Âught magazine is a platform seeking and manifesting the talented and masterly magicians of modern culture. 

We look beneath and beyond mainstream photography, art, fashion and music. 

We dive deep into the depths of the subculture. We celebrate the beauty of the grotesque.

photography // interviews // polinapho

Louisahhh for ÂUGHT Magazine.

"There is a moment within a set, on a good night, where a feedback loop exists within the crowd and myself. It is entire presence, love, fearless connection. It requires a willing openness from the audience, and some vulnerability from me in order to be a channel for this. It feels dangerous and uncanny and bigger than the sum of its parts. Getting to feel that, to be part of it, on a fairly regular basis is the most exciting thing about this work for me."

Eric from OAKE for ÂUGHT Magazine.

"The best compliment that we’ve got after a gig was from a friend who said: “Your bass made me sick, I had to vomit, it was too much for me”. For me, the world opened up at that moment, when he said that. It was exactly what we wanted to do – to put people into uncomfortable places."

Shlømo for ÂUGHT Magazine.

"Life has a taste because you know that you will die one day, it makes you wake up and do things. If you are eternal you lose the sense of purpose."

Vessels for ÂUGHT Magazine

"When we write we’re apart and when we play live you feel that you’re coming out of your little world. The excitement is always much more tangible when there are other people to share your music with rather than just us scratching our chins critically."

Makornik for ÂUGHT Magazine

"It’s an underground dark kind of pit, a closed off space where the demons lurk. It has rave energy - very dark but powerful. The entire vibe is very grim, kind of angry but conscious. Red and black. I guess it’s like a beast. There’s an element of destruction in it but it’s controlled."

Boy Harsher for ÂUGHT Magazine

"There is something really beautiful in vulnerability. More and more it feels like fear fuels strength and tenderness is forgotten. When you come across those who are honest and kind and open it’s really something. I aspire to be true and vulnerable."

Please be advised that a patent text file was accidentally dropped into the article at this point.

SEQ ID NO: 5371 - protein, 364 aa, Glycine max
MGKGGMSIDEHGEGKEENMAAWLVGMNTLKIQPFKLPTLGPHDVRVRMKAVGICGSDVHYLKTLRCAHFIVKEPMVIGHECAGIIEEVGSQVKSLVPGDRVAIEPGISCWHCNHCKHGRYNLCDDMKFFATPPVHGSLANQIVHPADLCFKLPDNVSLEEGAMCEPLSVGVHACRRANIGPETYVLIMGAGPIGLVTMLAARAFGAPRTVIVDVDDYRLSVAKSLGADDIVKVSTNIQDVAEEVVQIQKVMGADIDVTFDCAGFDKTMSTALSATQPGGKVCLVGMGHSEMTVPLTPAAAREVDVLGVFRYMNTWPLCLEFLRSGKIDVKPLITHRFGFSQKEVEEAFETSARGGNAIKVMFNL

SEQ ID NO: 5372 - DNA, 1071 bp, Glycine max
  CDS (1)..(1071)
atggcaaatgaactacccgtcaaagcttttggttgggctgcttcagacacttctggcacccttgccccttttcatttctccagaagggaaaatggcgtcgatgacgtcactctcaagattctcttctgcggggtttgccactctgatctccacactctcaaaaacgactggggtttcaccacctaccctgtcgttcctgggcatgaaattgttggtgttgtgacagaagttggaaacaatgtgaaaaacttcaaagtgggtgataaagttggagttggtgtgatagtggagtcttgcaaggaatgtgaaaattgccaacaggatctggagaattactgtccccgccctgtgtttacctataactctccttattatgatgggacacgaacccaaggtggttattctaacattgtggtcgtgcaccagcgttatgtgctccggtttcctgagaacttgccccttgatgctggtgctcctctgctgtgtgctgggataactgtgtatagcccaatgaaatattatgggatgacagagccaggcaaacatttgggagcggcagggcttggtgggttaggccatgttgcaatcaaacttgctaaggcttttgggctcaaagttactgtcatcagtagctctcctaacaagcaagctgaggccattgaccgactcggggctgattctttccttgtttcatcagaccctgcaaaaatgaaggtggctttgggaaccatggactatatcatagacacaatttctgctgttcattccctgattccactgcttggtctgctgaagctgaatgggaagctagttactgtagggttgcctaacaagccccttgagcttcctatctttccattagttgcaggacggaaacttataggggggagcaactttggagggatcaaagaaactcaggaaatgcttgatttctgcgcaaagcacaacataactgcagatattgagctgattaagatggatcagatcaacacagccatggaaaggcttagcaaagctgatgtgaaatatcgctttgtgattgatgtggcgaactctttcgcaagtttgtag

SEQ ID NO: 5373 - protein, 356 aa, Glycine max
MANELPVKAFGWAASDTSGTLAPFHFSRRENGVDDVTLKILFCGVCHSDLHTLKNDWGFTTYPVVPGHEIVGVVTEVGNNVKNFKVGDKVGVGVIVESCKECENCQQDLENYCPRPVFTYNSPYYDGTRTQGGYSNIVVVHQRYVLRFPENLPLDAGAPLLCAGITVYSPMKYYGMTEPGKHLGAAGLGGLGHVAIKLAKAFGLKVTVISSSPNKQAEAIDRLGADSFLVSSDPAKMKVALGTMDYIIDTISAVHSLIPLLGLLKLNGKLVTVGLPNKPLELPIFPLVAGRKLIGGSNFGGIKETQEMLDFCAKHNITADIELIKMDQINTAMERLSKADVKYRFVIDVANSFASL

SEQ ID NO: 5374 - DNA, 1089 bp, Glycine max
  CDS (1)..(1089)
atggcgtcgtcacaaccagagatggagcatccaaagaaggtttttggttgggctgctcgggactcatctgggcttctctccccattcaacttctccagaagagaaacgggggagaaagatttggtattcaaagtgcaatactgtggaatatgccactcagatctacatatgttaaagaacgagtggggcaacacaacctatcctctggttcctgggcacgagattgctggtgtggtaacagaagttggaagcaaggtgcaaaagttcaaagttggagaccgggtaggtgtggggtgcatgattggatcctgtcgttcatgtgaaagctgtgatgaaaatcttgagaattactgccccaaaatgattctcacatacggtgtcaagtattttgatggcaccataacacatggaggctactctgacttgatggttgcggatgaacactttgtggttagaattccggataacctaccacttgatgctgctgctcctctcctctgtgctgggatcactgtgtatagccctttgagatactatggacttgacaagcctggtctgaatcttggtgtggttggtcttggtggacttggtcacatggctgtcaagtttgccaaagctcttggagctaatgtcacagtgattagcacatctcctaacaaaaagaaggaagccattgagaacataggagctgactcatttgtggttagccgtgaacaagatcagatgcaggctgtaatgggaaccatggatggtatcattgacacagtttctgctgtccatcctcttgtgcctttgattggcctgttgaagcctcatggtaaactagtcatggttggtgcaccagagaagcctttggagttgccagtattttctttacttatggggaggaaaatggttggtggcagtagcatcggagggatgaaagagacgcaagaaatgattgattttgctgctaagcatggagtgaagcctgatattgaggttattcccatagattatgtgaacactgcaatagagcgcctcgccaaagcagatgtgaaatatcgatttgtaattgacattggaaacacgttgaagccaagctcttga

La Mverte for ÂUGHT Magazine

"When I went to Berghain for the first time 7 years ago, I clearly remember when I stepped into the room how the sound blew my head and my mind. It was precise and loud to make you feel like you’re walking into some sort of swamp. It was breaking my legs. It’s like you take MDMA for the first time. A rare moment that you don’t need to reproduce because the memory is strong enough to give you the effect just when you think about it. This is the kind of moment that acts like a once in a lifetime injection that works for the rest of it."

Parfait for ÂUGHT Magazine

"Techno music and cinema, they are very intertwined. They are hypnotic forms of art: because this music is repetitive, it’s like a trance – just like movies. In movie theatres you sort of become the characters, you forget yourself. That’s also why the best atmosphere for techno is in a club in the dark, just like the experience of a film is best in a movie theatre."

Tommy Four Seven for ÂUGHT Magazine

"There is no compromise when being creative because I have no pressure to write music I don’t like. A position I am fortunate to be in but also work hard to maintain."

Soft Moon for ÂUGHT Magazine

"It’s a part of my reality completely. It’s just a way for me to express myself, because I’ve had a hard time expressing myself or communicating my entire life, and that one hour on stage each night is that one chance for me to finally say what I have to say. And I also say it dramatically, because I’m saying it to a lot of people at the same time. I’m not just talking to a friend over a period of time: I wait, and then I tour, and then I speak to thousands and thousands of people in the duration of months, and simply get it all out."

SARIN for ÂUGHT Magazine

"If I were angry then my music would be more distorted. I would say my music is observational. In terms of the vibe I sort of want to scare the audience but keep people captivated by this aggressive energy. I want to give them a feeling that something is going to happen, whether good or bad; a sense of paranoia that they willingly don’t want to escape."

VSK for ÂUGHT Magazine

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